How Harbor House is working to end domestic abuse during the pandemic

One in four women and one in 10 men in the United States live through intimate partner violence, whether physical or emotional. And while it could be predicted that those numbers would rise during shelter-in-place measures in the midst of a pandemic, many domestic-violence organizations saw their number of hotline calls fall by more than 50 percent.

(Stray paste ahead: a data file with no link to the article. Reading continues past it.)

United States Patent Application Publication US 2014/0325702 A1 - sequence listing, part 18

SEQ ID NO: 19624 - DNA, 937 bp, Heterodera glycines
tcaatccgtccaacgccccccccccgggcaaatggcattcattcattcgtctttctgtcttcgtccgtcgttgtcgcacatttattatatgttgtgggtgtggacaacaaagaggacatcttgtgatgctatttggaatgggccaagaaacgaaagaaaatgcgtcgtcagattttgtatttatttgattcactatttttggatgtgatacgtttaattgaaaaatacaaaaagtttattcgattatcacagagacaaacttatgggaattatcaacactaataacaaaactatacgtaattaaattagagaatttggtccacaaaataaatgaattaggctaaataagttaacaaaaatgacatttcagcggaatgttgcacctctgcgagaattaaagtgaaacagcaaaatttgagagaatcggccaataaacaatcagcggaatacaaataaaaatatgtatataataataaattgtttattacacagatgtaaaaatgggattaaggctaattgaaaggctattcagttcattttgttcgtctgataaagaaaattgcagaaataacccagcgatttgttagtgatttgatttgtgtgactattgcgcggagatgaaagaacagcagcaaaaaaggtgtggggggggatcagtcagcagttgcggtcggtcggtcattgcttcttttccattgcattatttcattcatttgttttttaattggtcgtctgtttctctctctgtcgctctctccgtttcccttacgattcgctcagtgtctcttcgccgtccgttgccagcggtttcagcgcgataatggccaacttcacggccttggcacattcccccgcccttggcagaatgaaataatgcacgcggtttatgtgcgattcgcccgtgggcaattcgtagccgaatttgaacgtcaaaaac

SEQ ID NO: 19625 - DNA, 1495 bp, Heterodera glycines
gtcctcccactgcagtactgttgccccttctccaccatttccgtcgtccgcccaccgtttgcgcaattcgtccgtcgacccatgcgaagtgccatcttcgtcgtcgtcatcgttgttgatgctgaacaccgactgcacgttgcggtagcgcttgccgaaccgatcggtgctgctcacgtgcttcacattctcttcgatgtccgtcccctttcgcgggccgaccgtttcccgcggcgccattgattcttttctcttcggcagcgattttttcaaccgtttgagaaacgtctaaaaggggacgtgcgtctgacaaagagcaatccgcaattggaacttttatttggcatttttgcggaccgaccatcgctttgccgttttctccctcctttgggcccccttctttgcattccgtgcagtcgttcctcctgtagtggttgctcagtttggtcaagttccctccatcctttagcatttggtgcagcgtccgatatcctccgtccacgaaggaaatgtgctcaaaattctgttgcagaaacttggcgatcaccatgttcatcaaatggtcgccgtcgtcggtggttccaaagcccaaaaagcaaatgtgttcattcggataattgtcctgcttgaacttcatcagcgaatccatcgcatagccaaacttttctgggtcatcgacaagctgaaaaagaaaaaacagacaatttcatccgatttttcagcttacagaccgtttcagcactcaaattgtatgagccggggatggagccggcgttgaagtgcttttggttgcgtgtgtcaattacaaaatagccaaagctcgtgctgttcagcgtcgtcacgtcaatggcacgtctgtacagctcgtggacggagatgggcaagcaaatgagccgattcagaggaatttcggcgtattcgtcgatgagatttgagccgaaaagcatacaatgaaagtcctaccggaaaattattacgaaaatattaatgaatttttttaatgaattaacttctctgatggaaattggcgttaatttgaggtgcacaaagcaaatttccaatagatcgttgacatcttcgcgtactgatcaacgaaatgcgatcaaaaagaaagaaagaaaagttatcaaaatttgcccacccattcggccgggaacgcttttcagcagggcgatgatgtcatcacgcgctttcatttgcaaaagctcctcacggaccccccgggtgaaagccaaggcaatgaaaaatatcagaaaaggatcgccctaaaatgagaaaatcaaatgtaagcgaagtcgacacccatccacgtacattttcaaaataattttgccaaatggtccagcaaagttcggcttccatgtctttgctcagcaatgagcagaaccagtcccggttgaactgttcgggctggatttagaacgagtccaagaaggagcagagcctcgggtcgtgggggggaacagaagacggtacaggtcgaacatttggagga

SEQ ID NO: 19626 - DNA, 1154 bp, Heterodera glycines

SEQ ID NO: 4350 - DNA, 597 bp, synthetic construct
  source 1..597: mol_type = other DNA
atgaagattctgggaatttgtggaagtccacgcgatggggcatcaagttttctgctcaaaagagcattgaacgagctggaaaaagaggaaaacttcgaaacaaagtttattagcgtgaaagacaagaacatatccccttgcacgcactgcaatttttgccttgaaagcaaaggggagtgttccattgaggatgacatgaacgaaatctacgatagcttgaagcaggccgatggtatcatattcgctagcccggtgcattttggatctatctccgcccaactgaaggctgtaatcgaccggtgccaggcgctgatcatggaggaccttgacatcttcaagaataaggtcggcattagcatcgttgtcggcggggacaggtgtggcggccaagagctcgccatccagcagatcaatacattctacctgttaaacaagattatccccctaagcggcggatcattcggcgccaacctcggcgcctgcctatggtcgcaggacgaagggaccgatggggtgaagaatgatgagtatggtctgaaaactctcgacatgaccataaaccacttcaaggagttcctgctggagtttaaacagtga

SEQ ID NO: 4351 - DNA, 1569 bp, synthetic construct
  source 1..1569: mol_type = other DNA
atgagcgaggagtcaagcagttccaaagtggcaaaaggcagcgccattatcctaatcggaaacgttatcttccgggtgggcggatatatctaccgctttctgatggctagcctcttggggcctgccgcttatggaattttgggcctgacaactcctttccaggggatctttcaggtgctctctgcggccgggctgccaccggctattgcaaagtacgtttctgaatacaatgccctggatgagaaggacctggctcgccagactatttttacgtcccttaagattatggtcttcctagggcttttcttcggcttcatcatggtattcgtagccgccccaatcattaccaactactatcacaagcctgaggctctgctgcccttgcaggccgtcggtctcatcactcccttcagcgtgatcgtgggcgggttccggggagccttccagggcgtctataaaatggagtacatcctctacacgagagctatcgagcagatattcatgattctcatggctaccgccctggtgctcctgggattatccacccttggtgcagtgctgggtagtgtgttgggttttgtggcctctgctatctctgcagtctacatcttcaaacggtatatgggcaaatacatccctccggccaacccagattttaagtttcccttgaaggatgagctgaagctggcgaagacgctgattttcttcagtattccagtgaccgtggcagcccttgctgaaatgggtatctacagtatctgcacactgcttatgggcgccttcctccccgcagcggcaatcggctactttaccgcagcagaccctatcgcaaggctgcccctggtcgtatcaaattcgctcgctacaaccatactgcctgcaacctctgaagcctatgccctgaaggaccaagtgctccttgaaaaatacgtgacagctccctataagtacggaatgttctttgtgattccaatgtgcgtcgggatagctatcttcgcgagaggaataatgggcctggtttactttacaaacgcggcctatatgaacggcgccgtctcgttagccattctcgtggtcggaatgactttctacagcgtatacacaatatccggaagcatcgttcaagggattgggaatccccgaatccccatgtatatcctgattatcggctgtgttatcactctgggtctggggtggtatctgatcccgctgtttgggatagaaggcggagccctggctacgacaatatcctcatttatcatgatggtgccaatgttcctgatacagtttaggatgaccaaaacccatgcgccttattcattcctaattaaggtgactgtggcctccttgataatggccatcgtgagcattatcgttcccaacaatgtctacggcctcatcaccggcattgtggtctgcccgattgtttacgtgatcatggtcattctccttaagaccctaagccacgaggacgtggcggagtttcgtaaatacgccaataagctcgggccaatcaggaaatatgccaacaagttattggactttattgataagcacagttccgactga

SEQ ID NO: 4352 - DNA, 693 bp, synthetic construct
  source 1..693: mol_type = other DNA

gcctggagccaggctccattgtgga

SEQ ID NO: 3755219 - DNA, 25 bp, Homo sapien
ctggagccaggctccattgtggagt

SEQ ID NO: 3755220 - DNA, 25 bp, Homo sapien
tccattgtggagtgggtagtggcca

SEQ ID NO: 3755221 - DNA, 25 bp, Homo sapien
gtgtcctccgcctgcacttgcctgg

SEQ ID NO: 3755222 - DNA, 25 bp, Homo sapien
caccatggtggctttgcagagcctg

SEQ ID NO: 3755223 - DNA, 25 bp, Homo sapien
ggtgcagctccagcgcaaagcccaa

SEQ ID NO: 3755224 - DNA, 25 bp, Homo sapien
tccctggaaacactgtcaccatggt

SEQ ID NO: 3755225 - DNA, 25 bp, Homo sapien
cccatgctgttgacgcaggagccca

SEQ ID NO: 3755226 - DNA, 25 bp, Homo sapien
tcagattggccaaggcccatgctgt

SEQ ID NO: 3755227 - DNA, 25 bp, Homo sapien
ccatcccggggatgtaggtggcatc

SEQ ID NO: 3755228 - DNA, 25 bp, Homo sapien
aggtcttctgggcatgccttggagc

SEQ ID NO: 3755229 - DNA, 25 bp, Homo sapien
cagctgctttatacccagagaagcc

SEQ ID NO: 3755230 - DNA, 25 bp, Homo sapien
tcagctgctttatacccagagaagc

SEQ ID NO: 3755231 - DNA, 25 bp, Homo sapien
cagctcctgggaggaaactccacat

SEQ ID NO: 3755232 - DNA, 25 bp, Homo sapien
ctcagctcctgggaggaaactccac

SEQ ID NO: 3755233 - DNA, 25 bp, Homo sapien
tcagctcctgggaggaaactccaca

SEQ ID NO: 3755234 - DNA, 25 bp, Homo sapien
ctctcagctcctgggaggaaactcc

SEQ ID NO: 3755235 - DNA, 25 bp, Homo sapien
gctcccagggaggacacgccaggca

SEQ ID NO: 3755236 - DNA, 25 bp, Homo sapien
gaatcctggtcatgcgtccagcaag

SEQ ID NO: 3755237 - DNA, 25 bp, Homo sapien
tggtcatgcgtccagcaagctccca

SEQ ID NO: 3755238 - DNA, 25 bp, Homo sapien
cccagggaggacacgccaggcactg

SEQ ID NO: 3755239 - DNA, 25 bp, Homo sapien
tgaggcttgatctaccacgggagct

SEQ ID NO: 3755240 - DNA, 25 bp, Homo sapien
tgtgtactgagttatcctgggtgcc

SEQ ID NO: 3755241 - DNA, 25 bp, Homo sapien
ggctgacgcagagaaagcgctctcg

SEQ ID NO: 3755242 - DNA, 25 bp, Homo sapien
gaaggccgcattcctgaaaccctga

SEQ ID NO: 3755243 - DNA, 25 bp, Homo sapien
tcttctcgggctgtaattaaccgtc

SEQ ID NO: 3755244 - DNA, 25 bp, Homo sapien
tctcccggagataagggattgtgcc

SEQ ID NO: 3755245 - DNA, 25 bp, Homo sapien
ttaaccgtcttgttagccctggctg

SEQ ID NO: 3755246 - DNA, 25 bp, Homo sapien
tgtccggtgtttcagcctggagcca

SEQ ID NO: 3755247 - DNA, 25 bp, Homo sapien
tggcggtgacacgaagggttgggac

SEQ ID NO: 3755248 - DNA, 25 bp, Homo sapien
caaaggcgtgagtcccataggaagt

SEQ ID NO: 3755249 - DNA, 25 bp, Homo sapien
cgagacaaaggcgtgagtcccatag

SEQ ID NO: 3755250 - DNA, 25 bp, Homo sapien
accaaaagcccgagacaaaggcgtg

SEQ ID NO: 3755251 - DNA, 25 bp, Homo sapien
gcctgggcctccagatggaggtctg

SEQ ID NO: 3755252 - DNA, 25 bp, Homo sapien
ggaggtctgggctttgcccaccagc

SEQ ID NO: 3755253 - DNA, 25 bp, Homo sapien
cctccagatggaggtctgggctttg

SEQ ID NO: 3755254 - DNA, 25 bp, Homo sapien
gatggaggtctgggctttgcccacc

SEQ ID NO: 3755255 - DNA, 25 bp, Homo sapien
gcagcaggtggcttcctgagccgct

“Here in Central Florida, we’re seeing the same number of cases as we saw before,” said Michelle Sperzel, CEO of Harbor House of Central Florida. “That in itself is scary because we know that domestic violence is increasing because of isolation. The reason we’re not hearing from people, we believe, and we’ve been told by survivors who’ve been coming in, is it’s been very difficult to physically get away. Or their abuser is home all the time, so their ability to reach out and call has been difficult.”